A new look at the solid-liquid interface

May 22, 2014

Interesting things happen at interfaces, and when solids meet liquids it is no exception. Understanding the complex phenomena that take place at this 'solid-liquid' interface could give us important clues about how to build ...

Team pioneers strategy for creating new materials

August 29, 2014

Making something new is never easy. Scientists constantly theorize about new materials, but when the material is manufactured it doesn't always work as expected. To create a new strategy for designing materials, scientists ...

Recommended for you

Nano-decoy lures human influenza A virus to its doom

October 25, 2016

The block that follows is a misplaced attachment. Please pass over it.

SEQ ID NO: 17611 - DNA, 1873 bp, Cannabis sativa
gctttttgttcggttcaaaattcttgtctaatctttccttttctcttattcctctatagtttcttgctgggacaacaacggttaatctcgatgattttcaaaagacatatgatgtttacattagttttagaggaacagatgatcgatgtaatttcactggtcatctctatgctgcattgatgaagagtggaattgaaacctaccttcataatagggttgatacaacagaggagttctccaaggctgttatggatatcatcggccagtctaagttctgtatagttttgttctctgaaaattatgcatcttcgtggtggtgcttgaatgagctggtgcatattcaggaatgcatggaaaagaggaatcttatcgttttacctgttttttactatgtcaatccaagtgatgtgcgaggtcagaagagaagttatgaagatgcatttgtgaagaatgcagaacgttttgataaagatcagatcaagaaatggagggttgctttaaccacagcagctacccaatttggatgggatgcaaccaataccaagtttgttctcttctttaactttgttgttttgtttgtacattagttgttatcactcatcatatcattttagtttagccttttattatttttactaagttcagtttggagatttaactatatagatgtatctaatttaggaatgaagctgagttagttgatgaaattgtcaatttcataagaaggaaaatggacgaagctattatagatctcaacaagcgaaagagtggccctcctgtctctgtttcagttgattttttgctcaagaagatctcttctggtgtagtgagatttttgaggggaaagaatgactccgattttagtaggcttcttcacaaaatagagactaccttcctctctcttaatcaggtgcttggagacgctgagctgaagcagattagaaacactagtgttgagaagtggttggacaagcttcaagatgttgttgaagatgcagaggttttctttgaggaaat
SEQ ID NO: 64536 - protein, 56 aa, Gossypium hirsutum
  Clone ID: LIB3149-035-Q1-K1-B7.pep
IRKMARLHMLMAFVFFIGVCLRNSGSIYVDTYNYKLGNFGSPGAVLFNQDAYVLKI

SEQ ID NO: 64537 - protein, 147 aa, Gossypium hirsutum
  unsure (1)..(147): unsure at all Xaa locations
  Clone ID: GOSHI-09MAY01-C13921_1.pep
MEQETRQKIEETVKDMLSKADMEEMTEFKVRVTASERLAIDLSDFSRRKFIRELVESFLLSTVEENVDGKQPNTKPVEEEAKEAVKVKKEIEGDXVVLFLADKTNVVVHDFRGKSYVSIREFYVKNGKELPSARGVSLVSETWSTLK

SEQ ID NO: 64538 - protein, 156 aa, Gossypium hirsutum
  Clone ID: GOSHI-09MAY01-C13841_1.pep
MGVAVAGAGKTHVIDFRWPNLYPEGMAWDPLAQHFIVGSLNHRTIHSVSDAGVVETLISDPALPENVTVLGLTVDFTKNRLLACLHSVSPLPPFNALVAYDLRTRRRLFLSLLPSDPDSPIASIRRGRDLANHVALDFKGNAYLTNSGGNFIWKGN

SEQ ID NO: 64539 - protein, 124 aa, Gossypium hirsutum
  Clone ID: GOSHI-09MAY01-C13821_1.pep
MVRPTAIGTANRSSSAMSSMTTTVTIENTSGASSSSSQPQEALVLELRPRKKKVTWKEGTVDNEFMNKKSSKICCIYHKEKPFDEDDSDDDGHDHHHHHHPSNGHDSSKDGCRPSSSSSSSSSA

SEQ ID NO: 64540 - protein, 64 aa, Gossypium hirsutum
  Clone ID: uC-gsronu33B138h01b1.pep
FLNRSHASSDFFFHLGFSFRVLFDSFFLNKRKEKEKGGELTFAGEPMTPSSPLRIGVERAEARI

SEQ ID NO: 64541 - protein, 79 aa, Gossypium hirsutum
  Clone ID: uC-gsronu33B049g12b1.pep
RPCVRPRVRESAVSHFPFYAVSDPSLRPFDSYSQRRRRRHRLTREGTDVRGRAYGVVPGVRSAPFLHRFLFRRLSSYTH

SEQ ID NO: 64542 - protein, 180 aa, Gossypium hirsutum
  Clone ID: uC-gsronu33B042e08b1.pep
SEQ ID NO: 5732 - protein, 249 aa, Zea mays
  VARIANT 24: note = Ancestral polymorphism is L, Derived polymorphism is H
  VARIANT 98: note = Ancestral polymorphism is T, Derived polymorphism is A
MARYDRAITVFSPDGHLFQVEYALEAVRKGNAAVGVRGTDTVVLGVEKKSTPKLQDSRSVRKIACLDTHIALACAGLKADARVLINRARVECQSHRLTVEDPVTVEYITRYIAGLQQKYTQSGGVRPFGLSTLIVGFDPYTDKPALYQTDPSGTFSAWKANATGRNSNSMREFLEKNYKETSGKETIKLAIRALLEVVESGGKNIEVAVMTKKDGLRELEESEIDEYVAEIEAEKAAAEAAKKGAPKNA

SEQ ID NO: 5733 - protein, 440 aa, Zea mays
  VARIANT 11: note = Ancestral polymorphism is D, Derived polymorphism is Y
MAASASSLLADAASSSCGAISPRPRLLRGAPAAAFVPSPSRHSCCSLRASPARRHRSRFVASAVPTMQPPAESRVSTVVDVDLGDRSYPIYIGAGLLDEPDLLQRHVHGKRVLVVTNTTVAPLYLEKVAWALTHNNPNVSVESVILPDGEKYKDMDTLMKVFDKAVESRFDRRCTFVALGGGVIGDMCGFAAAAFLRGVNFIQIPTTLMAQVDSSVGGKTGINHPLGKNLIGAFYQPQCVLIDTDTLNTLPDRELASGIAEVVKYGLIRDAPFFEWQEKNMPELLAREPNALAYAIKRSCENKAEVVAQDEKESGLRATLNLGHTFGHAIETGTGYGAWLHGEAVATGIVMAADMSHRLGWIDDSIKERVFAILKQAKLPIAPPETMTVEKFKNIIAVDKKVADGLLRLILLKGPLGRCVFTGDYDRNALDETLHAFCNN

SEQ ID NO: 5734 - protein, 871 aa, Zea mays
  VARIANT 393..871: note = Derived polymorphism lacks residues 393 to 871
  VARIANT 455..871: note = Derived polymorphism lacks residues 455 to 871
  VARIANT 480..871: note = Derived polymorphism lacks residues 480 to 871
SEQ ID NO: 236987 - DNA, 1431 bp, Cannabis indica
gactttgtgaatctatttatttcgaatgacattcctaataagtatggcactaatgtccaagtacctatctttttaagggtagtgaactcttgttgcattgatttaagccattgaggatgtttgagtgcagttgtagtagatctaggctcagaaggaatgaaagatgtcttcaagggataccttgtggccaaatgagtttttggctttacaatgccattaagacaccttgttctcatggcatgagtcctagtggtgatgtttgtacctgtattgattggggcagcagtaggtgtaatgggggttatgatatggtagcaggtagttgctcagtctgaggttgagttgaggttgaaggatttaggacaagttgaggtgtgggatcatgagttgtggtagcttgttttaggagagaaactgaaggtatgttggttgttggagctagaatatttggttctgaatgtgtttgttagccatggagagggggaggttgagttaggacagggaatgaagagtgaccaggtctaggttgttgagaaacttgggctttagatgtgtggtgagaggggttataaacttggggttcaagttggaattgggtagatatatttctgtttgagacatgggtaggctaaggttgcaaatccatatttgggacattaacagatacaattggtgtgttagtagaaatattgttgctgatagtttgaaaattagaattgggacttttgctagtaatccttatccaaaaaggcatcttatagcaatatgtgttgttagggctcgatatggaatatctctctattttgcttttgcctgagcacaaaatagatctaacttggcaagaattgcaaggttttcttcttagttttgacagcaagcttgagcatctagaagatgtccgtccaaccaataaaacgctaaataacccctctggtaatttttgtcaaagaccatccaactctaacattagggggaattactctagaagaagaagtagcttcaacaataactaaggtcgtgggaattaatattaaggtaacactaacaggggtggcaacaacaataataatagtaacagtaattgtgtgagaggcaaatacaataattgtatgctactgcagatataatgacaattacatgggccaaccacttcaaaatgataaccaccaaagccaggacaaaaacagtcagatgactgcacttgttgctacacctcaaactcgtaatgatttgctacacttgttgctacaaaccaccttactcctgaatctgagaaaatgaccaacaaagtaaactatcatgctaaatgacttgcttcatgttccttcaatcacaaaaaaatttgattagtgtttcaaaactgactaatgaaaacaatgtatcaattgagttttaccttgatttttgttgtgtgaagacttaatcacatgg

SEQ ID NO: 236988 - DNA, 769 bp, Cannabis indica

To infect its victims, influenza A heads for the lungs, where it latches onto sialic acid on the surface of cells. So researchers created the perfect decoy: A carefully constructed spherical nanoparticle coated in sialic ...

New method increases energy density in lithium batteries

October 24, 2016

Yuan Yang, assistant professor of materials science and engineering at Columbia Engineering, has developed a new method to increase the energy density of lithium (Li-ion) batteries. He has built a trilayer structure that ...

Nanofiber coating prevents infections of prosthetic joints

October 24, 2016

In a proof-of-concept study with mice, scientists at The Johns Hopkins University show that a novel coating they made with antibiotic-releasing nanofibers has the potential to better prevent at least some serious bacterial ...


Please sign in to add a comment. Registration is free, and takes less than a minute. Read more

Click here to reset your password.
Sign in to get notified via email when new comments are made.